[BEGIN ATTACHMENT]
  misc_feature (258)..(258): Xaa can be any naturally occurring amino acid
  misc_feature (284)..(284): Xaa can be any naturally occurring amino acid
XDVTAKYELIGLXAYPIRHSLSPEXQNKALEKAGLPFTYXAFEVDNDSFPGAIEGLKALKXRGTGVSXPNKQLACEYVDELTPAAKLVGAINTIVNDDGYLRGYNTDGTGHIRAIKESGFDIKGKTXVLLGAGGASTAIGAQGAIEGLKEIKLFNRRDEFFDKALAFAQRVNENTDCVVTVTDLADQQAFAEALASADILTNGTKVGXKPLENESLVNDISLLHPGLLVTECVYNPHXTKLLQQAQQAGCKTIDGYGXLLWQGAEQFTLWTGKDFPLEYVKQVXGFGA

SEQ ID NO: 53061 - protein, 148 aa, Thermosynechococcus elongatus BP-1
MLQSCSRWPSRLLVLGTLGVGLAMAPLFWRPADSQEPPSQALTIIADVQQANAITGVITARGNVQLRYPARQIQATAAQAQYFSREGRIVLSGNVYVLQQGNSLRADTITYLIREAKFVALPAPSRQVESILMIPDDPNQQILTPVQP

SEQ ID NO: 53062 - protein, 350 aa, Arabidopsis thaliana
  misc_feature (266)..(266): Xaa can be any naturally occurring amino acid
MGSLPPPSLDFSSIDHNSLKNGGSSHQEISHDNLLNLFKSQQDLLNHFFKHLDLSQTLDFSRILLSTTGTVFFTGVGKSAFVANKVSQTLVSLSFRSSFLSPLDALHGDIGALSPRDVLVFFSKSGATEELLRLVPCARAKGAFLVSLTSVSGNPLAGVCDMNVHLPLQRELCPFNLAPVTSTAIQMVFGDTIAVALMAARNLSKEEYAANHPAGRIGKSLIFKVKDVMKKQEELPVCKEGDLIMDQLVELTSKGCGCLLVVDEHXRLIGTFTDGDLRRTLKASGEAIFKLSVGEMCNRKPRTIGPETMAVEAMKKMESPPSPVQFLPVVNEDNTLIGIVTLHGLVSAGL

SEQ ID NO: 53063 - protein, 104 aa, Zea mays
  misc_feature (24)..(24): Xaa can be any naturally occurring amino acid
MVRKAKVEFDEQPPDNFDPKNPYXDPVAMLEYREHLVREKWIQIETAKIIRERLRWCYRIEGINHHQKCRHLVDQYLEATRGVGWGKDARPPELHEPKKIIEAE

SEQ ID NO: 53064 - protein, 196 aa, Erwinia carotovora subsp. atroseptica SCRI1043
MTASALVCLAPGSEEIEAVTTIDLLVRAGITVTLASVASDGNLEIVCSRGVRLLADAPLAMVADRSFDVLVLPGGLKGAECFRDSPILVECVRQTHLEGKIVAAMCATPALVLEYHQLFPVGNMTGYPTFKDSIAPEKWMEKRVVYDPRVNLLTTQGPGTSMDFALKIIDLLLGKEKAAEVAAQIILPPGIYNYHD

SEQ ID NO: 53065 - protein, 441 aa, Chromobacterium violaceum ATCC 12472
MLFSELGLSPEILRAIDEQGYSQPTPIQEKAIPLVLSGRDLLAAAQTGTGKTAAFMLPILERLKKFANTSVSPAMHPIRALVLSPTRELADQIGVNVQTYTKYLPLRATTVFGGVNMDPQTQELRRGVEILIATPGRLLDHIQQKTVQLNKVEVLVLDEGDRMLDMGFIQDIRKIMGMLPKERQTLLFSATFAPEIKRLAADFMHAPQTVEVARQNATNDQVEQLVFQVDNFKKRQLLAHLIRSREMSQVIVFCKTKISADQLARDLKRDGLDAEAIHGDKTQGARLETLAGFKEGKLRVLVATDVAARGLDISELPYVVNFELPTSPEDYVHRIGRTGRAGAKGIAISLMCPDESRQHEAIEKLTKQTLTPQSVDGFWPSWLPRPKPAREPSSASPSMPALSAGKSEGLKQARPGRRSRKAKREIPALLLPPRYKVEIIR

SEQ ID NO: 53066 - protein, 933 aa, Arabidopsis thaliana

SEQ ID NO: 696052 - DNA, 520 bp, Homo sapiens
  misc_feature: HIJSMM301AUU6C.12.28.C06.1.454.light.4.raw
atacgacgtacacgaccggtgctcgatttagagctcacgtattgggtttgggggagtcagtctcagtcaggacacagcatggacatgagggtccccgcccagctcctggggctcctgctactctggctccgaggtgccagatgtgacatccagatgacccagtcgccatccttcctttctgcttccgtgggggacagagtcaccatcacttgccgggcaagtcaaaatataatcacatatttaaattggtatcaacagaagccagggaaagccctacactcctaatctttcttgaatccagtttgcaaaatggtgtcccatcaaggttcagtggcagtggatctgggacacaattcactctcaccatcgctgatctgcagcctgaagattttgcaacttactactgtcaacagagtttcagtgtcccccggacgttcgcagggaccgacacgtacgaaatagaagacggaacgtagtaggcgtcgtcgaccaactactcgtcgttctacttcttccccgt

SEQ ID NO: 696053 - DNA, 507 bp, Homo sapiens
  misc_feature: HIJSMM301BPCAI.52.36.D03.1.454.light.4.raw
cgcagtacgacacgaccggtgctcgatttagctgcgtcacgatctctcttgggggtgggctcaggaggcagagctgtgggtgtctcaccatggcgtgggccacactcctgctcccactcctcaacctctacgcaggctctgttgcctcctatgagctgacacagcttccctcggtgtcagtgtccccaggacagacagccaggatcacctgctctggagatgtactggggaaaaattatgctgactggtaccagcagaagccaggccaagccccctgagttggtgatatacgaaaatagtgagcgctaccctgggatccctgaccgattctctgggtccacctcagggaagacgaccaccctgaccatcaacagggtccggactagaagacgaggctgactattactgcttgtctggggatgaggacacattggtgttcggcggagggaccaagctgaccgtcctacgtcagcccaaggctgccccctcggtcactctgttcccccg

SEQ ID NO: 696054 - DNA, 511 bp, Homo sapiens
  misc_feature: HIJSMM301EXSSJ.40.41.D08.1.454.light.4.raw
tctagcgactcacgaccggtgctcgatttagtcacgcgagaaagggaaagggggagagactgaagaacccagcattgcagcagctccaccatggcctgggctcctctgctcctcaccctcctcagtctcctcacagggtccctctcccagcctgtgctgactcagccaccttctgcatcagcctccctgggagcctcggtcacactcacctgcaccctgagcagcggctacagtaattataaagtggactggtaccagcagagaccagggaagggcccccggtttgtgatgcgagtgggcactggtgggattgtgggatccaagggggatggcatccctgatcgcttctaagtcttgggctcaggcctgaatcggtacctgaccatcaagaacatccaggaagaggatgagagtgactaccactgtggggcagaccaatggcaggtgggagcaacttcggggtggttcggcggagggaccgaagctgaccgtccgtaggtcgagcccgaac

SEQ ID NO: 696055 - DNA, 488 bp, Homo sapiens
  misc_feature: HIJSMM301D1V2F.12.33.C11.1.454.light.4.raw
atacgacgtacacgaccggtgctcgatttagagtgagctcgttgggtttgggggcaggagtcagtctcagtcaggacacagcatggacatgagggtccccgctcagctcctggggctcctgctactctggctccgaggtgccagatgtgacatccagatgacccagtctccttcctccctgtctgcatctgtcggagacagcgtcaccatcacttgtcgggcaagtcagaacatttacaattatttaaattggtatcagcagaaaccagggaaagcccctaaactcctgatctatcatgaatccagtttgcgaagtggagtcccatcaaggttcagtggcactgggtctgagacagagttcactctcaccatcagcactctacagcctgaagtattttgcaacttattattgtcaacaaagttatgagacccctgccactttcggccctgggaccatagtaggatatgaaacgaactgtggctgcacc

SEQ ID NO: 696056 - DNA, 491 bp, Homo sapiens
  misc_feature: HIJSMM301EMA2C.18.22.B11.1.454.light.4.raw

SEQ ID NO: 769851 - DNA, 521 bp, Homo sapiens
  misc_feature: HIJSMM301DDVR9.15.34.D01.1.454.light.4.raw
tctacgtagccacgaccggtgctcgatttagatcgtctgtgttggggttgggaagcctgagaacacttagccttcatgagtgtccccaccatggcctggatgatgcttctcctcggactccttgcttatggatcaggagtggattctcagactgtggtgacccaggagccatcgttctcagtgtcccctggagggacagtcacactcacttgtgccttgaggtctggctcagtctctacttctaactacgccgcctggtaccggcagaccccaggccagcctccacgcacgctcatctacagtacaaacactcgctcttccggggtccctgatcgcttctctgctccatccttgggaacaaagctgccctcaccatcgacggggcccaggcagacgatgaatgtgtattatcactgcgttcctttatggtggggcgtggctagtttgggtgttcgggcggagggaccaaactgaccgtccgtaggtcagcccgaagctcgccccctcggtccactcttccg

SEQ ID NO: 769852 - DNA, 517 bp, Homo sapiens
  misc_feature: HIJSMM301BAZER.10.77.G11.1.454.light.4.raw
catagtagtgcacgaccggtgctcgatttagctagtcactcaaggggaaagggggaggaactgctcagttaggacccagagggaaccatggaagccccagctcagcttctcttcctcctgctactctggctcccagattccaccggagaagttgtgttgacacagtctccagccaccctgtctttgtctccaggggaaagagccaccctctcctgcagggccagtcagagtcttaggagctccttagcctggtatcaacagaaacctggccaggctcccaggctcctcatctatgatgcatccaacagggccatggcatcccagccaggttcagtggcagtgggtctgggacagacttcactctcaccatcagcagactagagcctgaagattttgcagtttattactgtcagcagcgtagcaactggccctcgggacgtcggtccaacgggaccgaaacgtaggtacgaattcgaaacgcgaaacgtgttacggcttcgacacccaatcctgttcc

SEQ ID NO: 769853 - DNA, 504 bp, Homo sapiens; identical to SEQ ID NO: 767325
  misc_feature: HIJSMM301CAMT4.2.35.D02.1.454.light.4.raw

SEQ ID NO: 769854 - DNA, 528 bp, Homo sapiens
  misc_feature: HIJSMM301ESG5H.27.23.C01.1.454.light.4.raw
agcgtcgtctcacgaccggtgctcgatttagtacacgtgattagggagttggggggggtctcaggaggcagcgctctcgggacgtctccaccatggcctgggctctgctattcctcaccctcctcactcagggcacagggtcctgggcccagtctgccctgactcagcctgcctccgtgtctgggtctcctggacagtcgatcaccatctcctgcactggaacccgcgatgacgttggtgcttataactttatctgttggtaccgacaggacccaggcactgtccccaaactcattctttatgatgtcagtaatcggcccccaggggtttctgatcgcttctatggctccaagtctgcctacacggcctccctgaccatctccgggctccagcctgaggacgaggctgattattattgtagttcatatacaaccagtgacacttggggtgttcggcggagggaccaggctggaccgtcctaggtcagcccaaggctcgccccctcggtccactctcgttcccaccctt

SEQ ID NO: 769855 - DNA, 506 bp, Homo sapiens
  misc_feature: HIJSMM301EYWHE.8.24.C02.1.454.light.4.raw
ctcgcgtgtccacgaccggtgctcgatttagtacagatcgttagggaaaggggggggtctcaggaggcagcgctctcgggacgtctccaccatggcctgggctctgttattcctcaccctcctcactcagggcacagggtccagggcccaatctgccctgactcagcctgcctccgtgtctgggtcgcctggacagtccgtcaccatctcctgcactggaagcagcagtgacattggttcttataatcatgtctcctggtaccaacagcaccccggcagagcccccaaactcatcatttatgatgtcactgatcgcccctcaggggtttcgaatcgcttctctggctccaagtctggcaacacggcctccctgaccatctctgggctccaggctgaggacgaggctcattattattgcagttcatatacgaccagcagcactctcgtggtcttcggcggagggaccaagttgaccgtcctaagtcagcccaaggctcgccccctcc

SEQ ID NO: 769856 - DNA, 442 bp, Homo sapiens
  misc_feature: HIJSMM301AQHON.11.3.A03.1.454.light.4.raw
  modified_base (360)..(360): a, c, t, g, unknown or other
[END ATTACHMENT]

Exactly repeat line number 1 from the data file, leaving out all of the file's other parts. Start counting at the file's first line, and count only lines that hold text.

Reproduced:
  misc_feature (258)..(258): Xaa can be any naturally occurring amino acid